Gender in Applied Communication Contexts explores the intersection and integration of feminist theory as applied to four important areas: organizational communication, health communication, family communication, and instructional communication. This collection of readings links theoretical insights and contributions to pragmatic ways of improving the lives of women and men in a variety of professional and personal situations. Gender in Applied Communication Contexts is recommended for upper-division and graduate-level courses in gender and communication, feminist theory, organizational communication, health communication, instructional communication, and applied communication. This anthology is also recommended as a research resource for scholars in Women’s Studies, Family Studies, and Business and Management.
Author: Department of Speech & Language Therapy Technological Educational Institute Patras Greece Ilias Papathanasiou
Publisher: Jones & Bartlett Publishers
Category: HEALTH & FITNESS
Aphasia and Related Neurogenic Communication Disorders covers topics in aphasia, motor speech disorders, and dementia. Organized by symptom rather than syndrome, this text provides a foundation for understanding the disorders and learning how to apply basic theory to clinical practice in the development of rehabilitation objectives. Aphasia and Related Neurogenic Communication Disorders applies a clinical integration of the psychosocial with the neuropsychological approach in adult language rehabilitation. Written by international authorities in the field of aphasia and related communication disorders and based on the ICF framework, this unique text features diverse contribution covering global issues. Important Notice: The digital edition of this book is missing some of the images or content found in the physical edition.
In the last three decades, the human body has gained increasing prominence in contemporary political debates, and it has become a central topic of modern social sciences and humanities. Modern technologies – such as organ transplants, stem-cell research, nanotechnology, cosmetic surgery and cryonics – have changed how we think about the body. In this collection of thirty original essays by leading figures in the field, these issues are explored across a number of theoretical and disciplinary perspectives, including pragmatism, feminism, queer theory, post-modernism, post-humanism, cultural sociology, philosophy and anthropology. A wide range of case studies, which include cosmetics, diet, organ transplants, racial bodies, masculinity and sexuality, eating disorders, religion and the sacred body, and disability, are used to appraise these different perspectives. In addition, this Handbook explores various epistemological approaches to the basic question: what is a body? It also offers a strongly themed range of chapters on empirical topics that are organized around religion, medicine, gender, technology and consumption. It also contributes to the debate over the globalization of the body: how have military technology, modern medicine, sport and consumption led to this contemporary obsession with matters corporeal? The Handbook’s clear, direct style will appeal to a wide undergraduate audience in the social sciences, particularly for those studying medical sociology, gender studies, sports studies, disability studies, social gerontology, or the sociology of religion. It will serve to consolidate the new field of body studies.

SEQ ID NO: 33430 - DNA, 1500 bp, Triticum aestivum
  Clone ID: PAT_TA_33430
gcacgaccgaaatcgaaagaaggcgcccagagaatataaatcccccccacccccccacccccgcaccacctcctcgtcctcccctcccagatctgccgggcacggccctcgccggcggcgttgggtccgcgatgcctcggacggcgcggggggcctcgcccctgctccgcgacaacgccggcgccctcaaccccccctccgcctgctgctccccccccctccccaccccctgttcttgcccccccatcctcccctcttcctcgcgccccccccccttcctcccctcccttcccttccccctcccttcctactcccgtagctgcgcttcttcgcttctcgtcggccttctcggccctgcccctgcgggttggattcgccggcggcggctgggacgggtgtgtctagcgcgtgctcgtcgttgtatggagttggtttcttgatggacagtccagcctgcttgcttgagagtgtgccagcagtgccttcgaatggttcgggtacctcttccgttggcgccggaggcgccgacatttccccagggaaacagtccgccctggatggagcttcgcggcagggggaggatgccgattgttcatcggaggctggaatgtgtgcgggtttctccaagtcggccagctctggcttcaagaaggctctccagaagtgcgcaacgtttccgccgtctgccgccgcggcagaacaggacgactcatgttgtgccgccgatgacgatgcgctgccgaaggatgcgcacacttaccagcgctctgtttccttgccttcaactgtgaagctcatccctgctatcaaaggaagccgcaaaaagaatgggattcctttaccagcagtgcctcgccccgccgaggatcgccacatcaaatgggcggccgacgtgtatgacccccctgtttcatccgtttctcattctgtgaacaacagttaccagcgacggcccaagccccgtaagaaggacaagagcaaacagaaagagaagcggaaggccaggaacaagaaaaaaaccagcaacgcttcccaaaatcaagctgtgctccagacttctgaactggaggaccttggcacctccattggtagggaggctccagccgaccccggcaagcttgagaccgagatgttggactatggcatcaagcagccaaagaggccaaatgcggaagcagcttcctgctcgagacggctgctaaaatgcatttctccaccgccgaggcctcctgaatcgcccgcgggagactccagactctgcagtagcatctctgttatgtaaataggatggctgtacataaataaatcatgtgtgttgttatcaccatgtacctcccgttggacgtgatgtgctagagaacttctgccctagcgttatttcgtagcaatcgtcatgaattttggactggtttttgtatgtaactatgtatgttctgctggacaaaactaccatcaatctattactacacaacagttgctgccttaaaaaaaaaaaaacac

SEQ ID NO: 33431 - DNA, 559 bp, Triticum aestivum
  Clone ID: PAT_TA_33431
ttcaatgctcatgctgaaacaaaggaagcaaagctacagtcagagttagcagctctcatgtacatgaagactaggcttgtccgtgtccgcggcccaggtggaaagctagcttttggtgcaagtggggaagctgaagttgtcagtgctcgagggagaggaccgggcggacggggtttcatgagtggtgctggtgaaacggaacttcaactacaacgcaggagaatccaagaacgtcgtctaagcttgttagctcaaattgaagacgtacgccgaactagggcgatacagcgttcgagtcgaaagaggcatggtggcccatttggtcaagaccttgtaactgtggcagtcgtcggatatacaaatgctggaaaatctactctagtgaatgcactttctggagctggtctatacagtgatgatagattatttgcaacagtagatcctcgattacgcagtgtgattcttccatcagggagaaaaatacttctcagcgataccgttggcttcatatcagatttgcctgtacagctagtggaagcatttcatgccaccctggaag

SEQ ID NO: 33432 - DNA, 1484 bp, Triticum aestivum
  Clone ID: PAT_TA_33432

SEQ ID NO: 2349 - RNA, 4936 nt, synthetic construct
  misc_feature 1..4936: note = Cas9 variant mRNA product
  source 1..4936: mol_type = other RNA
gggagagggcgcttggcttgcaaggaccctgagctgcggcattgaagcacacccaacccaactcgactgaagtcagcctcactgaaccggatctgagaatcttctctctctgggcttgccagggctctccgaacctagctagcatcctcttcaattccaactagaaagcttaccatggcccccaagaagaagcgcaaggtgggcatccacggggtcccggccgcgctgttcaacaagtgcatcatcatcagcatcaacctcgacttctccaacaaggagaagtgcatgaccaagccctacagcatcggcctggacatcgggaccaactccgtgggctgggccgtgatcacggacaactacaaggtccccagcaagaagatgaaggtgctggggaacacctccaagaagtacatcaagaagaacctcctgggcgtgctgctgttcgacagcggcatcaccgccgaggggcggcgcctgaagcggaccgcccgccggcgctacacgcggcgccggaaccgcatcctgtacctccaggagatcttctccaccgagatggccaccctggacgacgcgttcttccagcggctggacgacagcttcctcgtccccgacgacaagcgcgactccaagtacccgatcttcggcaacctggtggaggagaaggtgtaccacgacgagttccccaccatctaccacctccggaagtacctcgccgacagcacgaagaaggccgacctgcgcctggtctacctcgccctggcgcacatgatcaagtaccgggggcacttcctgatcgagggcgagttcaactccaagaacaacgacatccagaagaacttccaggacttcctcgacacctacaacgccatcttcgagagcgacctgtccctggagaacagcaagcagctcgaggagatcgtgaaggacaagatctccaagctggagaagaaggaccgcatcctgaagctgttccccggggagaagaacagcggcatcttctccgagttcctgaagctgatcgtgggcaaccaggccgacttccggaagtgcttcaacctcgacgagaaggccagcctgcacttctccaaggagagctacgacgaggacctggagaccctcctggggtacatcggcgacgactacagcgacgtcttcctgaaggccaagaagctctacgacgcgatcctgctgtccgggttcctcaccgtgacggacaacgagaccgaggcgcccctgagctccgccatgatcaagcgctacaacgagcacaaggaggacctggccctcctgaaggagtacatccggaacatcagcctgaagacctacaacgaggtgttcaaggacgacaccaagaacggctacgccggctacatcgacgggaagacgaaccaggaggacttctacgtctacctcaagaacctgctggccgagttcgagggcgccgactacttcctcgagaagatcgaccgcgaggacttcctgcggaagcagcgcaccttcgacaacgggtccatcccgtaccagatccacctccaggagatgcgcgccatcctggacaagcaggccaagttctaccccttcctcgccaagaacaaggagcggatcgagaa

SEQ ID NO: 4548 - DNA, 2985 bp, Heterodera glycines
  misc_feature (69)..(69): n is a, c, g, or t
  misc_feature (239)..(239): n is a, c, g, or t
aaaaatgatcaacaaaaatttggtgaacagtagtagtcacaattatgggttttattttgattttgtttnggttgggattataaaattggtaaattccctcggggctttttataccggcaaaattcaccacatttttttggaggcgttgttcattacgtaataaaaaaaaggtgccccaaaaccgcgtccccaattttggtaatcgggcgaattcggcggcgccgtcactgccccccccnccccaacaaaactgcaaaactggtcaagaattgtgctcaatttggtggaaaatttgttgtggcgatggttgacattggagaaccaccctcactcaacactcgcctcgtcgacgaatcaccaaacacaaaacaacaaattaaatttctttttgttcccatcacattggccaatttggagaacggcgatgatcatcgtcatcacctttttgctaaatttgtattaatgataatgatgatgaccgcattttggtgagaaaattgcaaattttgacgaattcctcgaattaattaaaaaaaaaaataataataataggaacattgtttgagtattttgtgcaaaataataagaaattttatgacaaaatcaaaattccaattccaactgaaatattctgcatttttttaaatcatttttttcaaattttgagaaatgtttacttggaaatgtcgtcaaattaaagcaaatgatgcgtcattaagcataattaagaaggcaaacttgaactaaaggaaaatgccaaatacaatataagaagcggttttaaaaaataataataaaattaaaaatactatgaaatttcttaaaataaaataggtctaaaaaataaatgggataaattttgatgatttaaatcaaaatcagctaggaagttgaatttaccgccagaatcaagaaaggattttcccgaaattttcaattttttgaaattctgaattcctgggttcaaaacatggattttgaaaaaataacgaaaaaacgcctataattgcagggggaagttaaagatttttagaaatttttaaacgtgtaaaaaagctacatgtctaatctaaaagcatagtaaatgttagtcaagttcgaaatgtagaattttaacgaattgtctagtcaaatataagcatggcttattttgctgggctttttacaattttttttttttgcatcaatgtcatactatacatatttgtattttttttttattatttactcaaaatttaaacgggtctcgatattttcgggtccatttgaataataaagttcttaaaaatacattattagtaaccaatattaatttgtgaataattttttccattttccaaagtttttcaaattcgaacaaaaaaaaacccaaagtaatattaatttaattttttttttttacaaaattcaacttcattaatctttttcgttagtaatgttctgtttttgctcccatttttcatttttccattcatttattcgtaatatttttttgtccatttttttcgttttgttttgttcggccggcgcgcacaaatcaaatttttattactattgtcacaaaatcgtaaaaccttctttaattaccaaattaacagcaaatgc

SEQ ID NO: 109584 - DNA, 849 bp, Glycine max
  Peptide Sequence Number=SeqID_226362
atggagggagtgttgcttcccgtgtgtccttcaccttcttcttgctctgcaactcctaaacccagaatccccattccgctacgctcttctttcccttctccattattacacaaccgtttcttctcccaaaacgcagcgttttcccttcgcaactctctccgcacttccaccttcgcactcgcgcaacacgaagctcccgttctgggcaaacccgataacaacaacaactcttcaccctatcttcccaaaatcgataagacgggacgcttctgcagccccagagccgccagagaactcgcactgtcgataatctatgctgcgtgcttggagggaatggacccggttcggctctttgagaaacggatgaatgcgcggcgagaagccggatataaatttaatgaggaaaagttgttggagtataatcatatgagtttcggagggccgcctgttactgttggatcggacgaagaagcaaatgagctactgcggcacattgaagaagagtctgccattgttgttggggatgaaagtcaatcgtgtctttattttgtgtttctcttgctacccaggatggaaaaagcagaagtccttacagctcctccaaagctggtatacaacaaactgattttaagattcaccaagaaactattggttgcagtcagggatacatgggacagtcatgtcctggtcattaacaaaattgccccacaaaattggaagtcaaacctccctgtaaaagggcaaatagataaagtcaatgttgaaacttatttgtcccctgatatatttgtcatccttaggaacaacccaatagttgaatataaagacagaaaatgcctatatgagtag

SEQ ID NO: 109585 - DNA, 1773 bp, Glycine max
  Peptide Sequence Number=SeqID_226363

Few recent books can claim to be groundbreaking. The Body and Society is one of them. Originally published in 1984, it went against prevailing trends that asked sociologists to understand society in terms of abstractions such as structure, class, and function. Instead, Bryan S. Turner argued that the body should be the axis of sociological analysis. His panoramic discussion of social theory was explored and developed by a discussion of specific issues: the problems of defining the relationship between disease and health; the history of anorexia and agoraphobia; the critique of human sexuality in Christianity; the role of the human body in play and desire; and the management of sexuality in human societies. The result was a book that captured the sociological imagination worldwide and initiated a major research program on the body in contemporary culture. In this new edition, Turner updates his argument. The new preface looks back at developments since the original edition and peers forward to the questions and themes that will preoccupy sociologists of the body in years to come. This one-of-a-kind volume is essential reading for anyone working in the social sciences who is interested in the body.